Remark 1.7.

There is a different approach to the higher genus theory of quintic 3-folds by Chang–Guo–Li–Li–Liu. Recently, they posted a series of articles [CGLL18P, CGL18Pa, CGL18Pb]. Among other things, they proved the original Yamaguchi–Yau (non-graded) prediction independently.

Remark 1.8.

It is nontrivial to show [Mo11] that the five generators are algebraic independent and hence the expression of is unique. This is important for the statement of the holomorphic anomaly equation for which we need to consider derivatives with respect to generators. On the other hand, our proof of Theorem 1.4 gives a canonical expression of and in terms of the generators. Hence, we do not need the algebraic independence of five generators.

1.2. Holomorphic anomaly equations

We now consider the holomorphic anomaly equations (HAE). It is clear that the choice (2) of the generators of is not canonical. Let us make a choice.

Definition 1.9.

Suppose be a finite set that generates . We pick a subset of such that

Let be the subring generated by . We call a choice of non-holomorphic subring, and we call the elements in the ring of the derivations of

the vector fields in the non-holomorphic direction.

Remark 1.10.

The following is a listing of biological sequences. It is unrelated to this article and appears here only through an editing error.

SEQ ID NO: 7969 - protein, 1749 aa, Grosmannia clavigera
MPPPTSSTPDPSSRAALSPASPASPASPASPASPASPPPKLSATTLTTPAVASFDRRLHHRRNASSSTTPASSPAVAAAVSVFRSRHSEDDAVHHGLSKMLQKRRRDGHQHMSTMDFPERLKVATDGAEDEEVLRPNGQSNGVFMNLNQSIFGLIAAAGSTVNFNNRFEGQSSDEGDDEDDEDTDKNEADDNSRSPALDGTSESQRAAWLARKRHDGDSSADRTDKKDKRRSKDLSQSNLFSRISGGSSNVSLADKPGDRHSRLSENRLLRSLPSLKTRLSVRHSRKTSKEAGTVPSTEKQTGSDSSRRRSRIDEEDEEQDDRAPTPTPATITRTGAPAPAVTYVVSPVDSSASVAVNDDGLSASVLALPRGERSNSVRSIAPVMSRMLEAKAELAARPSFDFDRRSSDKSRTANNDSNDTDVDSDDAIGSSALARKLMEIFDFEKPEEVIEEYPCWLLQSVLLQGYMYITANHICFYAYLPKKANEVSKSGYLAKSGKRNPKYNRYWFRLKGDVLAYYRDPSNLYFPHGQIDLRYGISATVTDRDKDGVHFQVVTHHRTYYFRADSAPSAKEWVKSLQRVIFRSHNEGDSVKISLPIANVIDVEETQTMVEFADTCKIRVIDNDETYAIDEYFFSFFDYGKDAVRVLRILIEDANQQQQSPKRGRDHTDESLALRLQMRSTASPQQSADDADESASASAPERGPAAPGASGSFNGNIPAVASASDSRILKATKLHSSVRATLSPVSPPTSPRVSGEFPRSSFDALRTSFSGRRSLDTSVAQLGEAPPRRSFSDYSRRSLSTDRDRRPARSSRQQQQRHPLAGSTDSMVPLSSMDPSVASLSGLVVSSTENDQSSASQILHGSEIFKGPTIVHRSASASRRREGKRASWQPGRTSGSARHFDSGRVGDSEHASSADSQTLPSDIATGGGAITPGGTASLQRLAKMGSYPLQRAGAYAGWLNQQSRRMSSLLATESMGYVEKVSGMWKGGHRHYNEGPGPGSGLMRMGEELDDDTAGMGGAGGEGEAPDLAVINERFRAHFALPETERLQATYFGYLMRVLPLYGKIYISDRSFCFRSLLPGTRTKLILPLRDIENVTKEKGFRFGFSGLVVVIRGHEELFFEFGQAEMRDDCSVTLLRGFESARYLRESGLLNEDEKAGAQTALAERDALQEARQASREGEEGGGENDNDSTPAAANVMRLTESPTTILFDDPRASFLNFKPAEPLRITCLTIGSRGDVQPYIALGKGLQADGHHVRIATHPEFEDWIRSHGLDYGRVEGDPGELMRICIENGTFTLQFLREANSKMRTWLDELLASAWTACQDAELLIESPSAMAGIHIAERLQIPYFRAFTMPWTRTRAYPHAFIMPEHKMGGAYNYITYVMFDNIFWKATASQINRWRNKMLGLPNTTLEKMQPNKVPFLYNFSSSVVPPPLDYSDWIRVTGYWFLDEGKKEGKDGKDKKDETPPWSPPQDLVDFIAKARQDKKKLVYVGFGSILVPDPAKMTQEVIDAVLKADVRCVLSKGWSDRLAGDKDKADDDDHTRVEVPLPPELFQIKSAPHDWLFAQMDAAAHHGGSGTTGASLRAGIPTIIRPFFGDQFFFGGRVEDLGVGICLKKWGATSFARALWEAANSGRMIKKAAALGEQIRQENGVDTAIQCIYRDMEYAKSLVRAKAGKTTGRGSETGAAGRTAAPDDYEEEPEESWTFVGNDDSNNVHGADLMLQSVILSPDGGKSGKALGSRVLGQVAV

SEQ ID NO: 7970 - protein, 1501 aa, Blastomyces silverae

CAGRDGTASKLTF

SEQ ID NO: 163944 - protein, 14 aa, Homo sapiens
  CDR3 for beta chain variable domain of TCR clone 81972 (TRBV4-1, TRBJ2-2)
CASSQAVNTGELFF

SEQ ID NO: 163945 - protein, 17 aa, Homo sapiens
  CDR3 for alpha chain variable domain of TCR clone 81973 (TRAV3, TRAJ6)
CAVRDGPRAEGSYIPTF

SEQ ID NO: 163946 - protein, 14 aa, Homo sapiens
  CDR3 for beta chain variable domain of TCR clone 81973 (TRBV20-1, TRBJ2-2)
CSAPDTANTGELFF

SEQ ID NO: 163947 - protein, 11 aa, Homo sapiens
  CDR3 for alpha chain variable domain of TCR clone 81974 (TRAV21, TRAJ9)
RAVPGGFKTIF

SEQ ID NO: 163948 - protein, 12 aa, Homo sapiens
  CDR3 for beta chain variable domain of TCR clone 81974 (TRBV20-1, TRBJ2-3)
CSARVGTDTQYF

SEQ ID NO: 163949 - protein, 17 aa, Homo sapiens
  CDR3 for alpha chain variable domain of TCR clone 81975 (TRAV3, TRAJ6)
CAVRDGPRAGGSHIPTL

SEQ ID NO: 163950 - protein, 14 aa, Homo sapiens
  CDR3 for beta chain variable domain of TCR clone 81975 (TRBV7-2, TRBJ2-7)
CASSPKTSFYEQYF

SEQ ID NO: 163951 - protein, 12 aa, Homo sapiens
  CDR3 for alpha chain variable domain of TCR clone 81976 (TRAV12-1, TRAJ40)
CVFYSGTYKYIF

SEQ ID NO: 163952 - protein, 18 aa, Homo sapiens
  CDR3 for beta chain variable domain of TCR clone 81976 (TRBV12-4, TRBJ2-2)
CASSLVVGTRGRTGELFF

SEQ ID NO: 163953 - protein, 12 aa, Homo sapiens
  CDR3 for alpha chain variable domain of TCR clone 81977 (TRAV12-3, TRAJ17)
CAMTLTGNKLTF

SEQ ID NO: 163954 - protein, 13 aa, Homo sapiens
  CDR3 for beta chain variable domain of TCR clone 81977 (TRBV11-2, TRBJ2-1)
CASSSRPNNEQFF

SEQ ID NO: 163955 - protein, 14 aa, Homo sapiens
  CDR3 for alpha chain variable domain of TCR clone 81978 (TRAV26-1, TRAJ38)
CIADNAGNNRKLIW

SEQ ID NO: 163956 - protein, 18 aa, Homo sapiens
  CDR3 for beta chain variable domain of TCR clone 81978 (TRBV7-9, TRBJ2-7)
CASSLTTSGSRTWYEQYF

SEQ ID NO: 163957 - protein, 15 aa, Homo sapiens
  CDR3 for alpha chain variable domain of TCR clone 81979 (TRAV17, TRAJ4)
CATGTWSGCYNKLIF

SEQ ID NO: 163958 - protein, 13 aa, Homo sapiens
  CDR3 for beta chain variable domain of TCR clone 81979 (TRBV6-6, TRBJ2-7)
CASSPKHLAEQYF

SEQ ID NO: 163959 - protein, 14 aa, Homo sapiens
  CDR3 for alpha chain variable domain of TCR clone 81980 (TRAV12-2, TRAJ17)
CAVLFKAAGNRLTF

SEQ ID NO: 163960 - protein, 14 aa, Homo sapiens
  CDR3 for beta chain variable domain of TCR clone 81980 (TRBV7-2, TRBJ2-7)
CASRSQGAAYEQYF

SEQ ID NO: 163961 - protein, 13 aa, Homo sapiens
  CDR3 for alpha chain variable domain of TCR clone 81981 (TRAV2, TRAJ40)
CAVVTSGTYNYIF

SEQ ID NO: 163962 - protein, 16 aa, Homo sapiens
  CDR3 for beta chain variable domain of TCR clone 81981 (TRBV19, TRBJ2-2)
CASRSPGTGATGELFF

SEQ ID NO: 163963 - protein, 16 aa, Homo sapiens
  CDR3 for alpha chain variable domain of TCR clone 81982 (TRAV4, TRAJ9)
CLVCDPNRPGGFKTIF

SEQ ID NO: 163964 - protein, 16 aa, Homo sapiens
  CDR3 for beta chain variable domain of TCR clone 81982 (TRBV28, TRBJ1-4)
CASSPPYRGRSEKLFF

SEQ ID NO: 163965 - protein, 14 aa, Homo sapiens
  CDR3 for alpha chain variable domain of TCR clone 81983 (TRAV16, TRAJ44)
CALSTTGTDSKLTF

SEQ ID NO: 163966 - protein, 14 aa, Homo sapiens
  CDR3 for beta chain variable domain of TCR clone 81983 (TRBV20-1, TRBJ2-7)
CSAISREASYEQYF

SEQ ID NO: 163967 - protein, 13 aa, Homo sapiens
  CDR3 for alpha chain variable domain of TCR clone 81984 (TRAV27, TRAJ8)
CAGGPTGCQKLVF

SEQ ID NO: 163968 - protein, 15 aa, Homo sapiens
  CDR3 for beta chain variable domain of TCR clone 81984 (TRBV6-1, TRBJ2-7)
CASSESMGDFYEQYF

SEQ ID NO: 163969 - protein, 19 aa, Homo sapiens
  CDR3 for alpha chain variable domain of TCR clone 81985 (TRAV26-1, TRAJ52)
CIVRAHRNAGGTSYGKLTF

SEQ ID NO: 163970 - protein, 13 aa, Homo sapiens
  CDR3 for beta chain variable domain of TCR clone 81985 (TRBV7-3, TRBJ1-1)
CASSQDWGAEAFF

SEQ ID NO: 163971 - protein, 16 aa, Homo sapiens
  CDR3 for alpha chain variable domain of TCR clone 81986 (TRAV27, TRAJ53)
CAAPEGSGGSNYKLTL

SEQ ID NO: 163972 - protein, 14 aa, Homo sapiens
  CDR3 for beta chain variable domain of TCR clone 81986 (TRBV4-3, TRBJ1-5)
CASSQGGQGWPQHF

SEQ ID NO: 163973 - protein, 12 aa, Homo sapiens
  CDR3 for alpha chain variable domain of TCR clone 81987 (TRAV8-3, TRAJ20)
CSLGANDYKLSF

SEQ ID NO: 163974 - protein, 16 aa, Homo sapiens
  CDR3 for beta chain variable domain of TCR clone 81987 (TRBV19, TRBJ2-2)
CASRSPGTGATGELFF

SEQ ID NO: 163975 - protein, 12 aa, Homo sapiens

A natural choice of the non-holomorphic subring is

(3)

Motivated by [YaYa04], we can pick another set of generators

(4)

of defined in (3), such that . Here .

Theorem 1.11.

We introduce the derivations to be

(5)

Then we have the following holomorphic anomaly equations conjectured in [YaYa04]

Note that we could consider as polynomials of either the generators or the generators .

Remark 1.12.

The above holomorphic anomaly equation should be viewed as a higher genus generalization of the Picard–Fuchs equation. For example, for , it determines (see Remark LABEL:rmk:YYHAE) inductively up to a holomorphic function in , which is referred to as the holomorphic anomaly in the physics literature. Our Graded Finite Generation Theorem implies that the holomorphic anomaly is a polynomial of degree , whose lower part vanishes (orbifold regularity).